How does the brain spatially allow pain receptors?
This is what happens in your head when you have a migraine
The optical effects are the most common: those affected perceive flickering, dots, lines or streaks. Sometimes they see double or blurred, or the field of vision is limited. These visual impairments are called scotomas. Some people even experience just an aura without the following headache. Here, the path from symptoms to diagnosis is often tedious guesswork.
How does this aura come about?
To really understand this, let's briefly go into detail: Our brain consists for the most part of nerve cells, the neurons. Stimuli are constantly firing through the brain, as so-called action potentials they chase from neuron to neuron at lightning speed. The mechanism for this: the Depolarization. For a few milliseconds the actually negative electrical potential of the nerve cell is reversed, it becomes positive. Then the neuron returns to its resting state, ready for the next stimulus. Usually.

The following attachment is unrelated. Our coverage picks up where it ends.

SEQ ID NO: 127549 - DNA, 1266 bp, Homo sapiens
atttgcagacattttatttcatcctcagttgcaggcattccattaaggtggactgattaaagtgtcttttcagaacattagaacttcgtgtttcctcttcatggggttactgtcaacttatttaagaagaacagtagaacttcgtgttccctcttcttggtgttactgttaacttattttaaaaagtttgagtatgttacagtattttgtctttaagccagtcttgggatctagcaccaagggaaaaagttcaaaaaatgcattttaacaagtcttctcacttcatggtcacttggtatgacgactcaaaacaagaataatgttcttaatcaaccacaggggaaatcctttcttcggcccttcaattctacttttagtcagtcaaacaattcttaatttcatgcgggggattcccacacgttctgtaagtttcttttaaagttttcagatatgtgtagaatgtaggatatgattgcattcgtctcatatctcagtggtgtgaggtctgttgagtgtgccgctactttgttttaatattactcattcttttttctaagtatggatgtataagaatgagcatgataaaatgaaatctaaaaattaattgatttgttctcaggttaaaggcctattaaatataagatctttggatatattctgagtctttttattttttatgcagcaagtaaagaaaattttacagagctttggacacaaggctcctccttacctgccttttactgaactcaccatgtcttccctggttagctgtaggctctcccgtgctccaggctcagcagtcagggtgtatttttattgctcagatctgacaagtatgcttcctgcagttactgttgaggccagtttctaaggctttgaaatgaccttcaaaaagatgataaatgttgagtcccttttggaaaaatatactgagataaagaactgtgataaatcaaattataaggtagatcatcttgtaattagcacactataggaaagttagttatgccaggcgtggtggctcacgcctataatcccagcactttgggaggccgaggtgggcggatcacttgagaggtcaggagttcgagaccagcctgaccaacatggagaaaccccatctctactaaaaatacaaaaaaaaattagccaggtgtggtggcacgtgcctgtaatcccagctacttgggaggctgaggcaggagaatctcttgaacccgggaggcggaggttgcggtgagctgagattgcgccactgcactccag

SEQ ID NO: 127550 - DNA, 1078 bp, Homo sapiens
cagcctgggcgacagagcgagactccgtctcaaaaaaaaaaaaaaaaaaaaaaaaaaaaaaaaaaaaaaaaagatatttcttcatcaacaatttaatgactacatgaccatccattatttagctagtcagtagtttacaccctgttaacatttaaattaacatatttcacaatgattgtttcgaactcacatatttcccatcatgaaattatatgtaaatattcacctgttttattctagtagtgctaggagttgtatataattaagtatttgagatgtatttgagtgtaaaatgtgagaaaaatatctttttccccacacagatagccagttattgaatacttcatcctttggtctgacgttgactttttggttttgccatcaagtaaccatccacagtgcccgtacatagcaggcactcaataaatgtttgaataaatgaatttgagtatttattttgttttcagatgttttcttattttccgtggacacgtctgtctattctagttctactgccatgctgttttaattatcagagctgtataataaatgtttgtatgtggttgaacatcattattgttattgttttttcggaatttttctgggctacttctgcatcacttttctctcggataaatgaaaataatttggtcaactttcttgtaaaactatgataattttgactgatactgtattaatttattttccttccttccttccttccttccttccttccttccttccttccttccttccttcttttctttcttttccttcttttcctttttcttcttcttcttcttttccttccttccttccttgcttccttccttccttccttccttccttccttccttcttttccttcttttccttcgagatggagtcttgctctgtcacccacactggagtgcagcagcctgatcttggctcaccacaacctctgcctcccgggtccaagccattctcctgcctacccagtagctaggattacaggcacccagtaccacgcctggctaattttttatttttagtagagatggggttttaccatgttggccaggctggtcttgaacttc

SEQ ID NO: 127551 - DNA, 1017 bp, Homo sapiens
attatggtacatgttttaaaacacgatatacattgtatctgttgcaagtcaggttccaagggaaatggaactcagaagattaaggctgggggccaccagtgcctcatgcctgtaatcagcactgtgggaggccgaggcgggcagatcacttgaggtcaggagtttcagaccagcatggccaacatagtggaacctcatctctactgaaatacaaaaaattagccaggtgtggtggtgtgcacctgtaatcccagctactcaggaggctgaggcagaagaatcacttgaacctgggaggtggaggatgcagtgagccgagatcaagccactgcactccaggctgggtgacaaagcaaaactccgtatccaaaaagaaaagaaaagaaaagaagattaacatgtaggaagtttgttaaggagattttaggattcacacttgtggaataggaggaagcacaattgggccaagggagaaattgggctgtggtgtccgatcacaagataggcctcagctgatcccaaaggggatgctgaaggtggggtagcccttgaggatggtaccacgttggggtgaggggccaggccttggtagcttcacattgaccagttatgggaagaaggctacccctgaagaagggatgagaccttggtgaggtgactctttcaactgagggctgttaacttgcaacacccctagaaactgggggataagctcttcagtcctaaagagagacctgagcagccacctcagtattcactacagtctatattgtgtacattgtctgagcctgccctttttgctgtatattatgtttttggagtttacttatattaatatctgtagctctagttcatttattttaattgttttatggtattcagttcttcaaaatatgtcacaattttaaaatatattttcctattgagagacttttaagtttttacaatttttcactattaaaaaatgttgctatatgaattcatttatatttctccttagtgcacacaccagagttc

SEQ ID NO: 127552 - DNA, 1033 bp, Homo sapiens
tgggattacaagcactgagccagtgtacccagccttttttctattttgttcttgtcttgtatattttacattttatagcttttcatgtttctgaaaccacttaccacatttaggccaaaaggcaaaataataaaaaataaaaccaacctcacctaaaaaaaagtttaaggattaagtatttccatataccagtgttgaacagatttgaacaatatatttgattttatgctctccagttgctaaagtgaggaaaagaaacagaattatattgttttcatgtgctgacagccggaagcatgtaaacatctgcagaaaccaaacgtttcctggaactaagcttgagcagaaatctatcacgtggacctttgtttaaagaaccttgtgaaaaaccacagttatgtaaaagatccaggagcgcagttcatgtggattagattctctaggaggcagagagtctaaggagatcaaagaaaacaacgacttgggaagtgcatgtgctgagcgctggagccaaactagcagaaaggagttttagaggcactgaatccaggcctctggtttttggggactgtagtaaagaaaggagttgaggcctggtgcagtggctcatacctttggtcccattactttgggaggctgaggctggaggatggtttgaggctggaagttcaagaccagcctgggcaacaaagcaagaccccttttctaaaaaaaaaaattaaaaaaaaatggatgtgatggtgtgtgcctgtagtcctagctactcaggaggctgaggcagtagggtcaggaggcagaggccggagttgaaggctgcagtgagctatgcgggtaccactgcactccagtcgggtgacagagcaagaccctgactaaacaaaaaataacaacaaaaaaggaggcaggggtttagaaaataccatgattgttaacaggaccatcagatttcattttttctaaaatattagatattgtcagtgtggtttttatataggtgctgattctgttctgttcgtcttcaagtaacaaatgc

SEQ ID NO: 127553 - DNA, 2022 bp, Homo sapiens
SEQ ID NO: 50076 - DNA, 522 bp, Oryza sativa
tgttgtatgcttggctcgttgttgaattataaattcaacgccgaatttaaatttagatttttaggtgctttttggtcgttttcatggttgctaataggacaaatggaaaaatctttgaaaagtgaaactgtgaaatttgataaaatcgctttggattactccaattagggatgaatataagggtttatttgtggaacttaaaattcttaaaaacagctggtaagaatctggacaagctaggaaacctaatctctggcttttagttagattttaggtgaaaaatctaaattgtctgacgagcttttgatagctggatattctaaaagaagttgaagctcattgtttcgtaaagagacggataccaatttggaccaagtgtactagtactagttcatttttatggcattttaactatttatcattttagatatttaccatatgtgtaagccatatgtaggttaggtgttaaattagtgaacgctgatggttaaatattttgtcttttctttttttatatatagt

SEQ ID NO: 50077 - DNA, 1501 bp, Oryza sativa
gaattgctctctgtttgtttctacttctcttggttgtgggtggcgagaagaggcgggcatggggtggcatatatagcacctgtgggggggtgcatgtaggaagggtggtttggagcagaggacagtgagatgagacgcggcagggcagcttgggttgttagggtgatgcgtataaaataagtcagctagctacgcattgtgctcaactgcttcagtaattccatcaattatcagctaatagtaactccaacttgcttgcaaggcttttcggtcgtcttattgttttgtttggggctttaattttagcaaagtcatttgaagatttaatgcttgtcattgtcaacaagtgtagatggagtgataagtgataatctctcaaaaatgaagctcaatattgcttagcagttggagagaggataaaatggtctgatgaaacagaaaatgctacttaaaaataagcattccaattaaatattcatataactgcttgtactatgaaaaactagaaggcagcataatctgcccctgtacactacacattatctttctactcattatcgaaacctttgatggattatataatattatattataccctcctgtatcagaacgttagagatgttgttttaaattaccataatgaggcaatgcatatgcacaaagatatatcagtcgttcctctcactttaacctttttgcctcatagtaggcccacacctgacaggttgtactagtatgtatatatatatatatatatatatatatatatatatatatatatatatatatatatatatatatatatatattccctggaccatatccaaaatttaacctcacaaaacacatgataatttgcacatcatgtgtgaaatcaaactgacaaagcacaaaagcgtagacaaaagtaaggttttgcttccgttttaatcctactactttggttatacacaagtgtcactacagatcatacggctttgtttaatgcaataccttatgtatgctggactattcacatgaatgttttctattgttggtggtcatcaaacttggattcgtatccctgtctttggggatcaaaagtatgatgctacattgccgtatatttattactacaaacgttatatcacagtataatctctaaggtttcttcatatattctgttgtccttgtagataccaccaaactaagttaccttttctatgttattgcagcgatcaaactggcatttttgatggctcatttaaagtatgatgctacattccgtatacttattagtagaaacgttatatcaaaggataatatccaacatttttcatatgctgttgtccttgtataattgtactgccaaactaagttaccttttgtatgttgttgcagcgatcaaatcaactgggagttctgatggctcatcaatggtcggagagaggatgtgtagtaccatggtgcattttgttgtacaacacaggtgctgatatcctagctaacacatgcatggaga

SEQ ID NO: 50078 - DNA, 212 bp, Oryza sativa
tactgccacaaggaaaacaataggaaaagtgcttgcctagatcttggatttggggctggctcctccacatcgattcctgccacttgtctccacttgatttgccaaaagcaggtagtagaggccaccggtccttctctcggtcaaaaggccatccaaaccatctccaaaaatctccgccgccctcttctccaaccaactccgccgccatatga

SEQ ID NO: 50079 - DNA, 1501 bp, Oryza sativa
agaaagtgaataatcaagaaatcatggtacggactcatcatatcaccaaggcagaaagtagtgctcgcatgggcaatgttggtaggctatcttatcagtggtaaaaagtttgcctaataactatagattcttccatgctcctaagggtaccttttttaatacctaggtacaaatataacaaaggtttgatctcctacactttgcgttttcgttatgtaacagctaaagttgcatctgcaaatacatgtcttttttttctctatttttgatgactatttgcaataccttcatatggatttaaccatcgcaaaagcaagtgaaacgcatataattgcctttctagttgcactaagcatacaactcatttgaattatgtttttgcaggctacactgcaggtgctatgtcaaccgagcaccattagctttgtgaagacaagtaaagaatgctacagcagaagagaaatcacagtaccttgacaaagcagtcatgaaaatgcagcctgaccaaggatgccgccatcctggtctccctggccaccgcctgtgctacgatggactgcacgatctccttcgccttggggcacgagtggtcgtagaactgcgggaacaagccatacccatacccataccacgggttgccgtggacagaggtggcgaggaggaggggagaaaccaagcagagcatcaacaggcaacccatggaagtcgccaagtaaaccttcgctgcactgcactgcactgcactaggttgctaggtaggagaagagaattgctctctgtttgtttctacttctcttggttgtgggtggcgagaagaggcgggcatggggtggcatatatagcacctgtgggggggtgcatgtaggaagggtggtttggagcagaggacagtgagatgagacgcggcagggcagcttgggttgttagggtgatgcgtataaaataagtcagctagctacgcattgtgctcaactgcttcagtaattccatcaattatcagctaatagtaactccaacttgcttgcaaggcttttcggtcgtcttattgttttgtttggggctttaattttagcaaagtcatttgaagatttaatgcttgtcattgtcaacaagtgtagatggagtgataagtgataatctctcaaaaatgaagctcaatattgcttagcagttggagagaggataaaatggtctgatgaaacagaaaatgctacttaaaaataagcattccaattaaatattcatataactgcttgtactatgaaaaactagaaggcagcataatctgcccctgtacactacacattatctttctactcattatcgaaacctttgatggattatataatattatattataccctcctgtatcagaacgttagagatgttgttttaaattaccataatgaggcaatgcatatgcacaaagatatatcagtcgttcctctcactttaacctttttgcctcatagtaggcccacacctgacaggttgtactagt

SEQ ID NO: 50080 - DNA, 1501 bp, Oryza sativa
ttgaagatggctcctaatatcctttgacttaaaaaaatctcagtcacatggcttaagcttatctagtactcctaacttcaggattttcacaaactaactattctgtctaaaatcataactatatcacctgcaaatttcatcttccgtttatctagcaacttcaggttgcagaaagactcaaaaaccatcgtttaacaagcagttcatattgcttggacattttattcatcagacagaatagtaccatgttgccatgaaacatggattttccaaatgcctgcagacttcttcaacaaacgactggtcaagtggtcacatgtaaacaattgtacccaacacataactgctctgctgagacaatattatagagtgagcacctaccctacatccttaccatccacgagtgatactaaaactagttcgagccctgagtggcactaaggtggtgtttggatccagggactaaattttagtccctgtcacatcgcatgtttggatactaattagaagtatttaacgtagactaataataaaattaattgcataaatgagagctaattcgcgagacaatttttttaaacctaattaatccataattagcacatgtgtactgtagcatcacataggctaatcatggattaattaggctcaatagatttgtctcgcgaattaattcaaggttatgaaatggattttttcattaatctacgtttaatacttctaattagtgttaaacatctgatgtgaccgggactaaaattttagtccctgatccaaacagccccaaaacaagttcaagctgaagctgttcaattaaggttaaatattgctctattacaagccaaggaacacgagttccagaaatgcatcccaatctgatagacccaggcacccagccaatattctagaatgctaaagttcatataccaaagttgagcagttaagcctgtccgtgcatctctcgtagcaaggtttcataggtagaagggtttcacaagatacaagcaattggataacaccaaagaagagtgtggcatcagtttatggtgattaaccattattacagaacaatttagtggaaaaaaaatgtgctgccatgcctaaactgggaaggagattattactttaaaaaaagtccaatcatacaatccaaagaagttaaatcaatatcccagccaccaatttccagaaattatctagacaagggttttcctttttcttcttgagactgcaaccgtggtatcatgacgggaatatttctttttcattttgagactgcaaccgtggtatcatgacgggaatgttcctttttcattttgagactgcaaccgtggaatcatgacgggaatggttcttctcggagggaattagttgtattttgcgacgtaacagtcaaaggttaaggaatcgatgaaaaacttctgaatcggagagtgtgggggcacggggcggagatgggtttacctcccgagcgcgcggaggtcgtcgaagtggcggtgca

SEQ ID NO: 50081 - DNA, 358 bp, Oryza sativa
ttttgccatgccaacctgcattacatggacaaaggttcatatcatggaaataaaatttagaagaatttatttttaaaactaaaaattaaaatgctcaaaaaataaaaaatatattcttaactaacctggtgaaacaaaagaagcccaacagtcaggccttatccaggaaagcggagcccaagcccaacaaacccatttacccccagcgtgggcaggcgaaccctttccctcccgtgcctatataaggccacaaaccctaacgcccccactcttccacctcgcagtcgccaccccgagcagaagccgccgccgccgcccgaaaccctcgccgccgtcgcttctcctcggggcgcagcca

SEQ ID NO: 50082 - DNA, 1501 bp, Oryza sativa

At the beginning of an aura, however, this actually quite normal depolarization takes place in a changed manner - namely Extremely slow. Instead of racing through the brain, it moves slowly over the cerebral cortex at a speed of only three to six millimeters per minute.
Like dementors in the brain
What is special about this is that the cells do not immediately return to the resting state, but remain in their excited state for much longer - they can't react and are so to speak inaccessible to new signals. This so-called scattered polarization or "spreading depression" spreads over a relatively large area of a few centimeters in the cerebral cortex. And reminds something of the Dementors in Harry Potter: If it comes near, it paralyzes everything, new stimuli do not come through.
As a result of the depolarization, the blood vessels in the brain widen and the blood circulation deteriorates. It is clear that such a Nervous thunderstorms followed by great silence and low blood pressure making us see things that don't exist or failing other functions. Symptoms differ depending on which areas of the cerebral cortex are affected.
Another factor: serotonin
The messenger substance serotonin regulates our emotions and has an inhibiting effect on aggression, fear and sadness - it has a balancing effect. If the serotonin content in the brain is too low, the cells are lighter and more excitable. This can mean that a "spreading depression" and thus an aura can arise more easily.
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